Letters to the Editor

Vote yes on CR levy

In the best of times, education is important. In today’s world, education becomes paramount. The Castle Rock School District is asking its patrons to continue funding the district’s schools at a level that allows the district to proceed with its mission of providing the best education to the students in Castle Rock.

This levy in the amount of $1.50 per thousand dollars for a two-year period replaces the district’s current levy of $2.63 per thousand. The money generated provides for school staff, athletics and activities, as well as materials and supplies.

Approximately 15 percent of the school district’s revenue comes from the levy. With the limited financial support from the state of Washington, and the reduced contributions from the federal government, the levy has become a critical component of the district’s annual budget.

We are urging a YES vote so the Castle Rock School District can continue to meet the goals the federal government, the state of Washington, and the parents and patrons in our community expect of it.

Tom and Marsha Quigley

Castle Rock

Punish wrongdoers

The Centers for Disease Control finalized statistics list the total number of deaths by “accidental discharge of firearms” across all age groups in 2013 at 505.

This number has been falling for decades, primarily due to the (actual) safety courses taught by hunting/shooting proponents, not the misnomered “gun safety” laws sought by hoplophobes whose chief objective is to entomb the Second Amendment so thoroughly in red tape it becomes irrelevant.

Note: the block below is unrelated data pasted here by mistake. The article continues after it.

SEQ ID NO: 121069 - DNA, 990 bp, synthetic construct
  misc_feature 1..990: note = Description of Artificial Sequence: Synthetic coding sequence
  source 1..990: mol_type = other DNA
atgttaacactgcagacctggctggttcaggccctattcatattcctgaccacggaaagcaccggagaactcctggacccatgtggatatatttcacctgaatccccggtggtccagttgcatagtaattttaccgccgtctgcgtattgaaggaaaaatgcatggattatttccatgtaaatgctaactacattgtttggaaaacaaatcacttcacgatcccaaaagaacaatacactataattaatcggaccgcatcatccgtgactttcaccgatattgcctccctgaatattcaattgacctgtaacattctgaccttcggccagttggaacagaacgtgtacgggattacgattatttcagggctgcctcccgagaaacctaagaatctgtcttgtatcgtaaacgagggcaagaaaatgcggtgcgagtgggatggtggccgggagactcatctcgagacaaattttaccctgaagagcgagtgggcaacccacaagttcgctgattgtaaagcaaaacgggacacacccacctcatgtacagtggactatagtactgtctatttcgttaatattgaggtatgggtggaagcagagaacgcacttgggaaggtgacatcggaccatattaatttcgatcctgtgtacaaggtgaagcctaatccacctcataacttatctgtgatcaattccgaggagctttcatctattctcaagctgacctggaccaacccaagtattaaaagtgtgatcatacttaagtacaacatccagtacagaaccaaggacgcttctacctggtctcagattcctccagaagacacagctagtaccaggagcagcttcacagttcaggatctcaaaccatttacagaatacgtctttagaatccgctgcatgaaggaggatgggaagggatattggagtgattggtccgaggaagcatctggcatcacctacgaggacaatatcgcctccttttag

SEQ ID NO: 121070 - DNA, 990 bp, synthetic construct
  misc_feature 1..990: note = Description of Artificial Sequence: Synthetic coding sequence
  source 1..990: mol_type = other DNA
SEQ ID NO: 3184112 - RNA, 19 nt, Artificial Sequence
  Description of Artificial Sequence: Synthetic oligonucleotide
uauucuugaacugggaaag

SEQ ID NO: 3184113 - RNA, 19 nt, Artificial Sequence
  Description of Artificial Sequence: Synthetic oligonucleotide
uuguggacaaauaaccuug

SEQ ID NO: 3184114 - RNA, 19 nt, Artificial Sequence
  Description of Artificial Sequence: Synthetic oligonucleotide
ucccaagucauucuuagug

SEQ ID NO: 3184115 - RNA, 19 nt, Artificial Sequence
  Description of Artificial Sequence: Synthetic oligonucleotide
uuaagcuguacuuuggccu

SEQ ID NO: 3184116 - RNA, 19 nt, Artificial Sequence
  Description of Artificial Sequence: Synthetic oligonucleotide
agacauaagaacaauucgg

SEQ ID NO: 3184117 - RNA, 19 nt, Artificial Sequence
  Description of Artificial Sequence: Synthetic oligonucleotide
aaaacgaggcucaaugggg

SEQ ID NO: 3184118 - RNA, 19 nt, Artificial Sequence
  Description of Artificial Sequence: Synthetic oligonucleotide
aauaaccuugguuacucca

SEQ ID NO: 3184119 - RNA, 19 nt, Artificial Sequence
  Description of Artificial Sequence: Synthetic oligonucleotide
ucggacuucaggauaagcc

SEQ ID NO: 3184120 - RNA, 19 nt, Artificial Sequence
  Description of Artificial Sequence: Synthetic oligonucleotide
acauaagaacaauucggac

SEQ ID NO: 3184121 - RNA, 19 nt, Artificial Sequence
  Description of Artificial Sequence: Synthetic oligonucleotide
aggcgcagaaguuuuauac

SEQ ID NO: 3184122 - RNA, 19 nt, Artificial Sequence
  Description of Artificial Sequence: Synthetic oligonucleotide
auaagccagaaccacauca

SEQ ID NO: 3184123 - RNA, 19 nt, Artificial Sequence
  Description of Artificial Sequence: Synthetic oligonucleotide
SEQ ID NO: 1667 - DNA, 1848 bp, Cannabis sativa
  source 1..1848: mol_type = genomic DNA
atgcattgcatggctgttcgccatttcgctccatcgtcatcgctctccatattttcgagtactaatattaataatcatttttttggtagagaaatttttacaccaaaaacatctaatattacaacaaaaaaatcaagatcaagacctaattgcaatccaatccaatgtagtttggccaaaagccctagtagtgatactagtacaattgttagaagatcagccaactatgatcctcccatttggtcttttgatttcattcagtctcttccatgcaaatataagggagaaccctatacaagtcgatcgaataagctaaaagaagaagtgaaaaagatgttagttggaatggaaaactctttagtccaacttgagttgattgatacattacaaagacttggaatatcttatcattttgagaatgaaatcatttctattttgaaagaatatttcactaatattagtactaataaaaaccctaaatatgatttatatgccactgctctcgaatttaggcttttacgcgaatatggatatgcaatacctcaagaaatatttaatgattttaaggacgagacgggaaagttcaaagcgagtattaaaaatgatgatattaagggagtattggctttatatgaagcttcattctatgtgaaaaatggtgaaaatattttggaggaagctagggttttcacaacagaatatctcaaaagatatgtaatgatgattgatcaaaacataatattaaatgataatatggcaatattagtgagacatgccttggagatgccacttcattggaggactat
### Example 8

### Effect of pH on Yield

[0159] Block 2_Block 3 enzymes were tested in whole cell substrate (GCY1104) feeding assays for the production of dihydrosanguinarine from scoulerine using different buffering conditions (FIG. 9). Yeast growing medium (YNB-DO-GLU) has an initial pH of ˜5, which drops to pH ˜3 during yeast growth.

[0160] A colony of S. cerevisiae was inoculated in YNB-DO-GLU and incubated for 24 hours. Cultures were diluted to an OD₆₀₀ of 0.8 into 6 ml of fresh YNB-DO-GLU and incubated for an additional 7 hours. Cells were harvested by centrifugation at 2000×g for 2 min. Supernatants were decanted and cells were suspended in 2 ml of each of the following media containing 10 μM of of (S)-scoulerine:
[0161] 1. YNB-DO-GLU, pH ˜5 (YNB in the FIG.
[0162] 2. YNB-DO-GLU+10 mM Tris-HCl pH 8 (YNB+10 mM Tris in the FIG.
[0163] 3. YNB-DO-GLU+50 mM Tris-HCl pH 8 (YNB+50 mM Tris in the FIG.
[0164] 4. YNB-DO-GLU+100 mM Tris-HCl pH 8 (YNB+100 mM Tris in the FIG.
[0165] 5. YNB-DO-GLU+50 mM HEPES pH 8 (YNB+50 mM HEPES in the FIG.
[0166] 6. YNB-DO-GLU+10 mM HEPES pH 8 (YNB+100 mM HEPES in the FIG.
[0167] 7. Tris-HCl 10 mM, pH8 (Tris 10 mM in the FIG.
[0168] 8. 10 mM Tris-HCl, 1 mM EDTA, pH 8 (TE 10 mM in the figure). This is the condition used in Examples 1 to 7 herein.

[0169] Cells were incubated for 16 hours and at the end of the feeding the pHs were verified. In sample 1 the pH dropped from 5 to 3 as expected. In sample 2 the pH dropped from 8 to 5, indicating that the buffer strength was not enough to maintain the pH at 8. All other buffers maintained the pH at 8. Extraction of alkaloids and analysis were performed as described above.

Infringements of an adjudicated Second Amendment individual right need to meet the standard of “strict scrutiny”; the government must demonstrate a compelling reason to interfere with the free exercise thereof. Why does “compromise” always mean “give up part of your right and I’ll temporarily stop harassing you” when it refers to the aforementioned exercise? Where’s the “compromise”?

Every inherently evil action that can be accomplished with a firearm has been illegal for centuries. Criminalizing people with no intention of harming others doesn’t change the behavior of those who do, and banning inanimate objects is demonstrably futile. If punishment is the solution, apply it to the wrongdoers, not the innocent.

Doug Spittler

Kalama

Housing and homeless

Here are some astonishing findings about the homeless.

A recent local survey shows 46 percent have criminal backgrounds. An additional 25 percent have past evictions. Landlords will not rent to these people.

This sheds an entirely different light on our efforts with the homeless. If 70 percent are not eligible for housing, then what?

Dorothy Bain Hanson

Longview

Kudos on leash law

Kudos to the Longview City Council for voting to create a leash law in city parks.

It is time for our county commissioners to take the same positive steps. Large and small dogs are allowed to run free in Cowlitz County parks while some owners either park and wait for the dogs to run or drop their dogs off to run while they drive around the park. Children, adults, other dogs and wildlife are intimidated by these dogs. While there is no leash law in our county, the parks do have rules posted.

One reads, “all dogs must be kept on leash.”

Our neighbor quit jogging in the county park near us because she was afraid of being attacked by free running dogs. Also, how can owners clean up after their dogs when they don’t see where they left a mess.

Come on county commissioners and get the ball rolling.

Julie Hajek

Kelso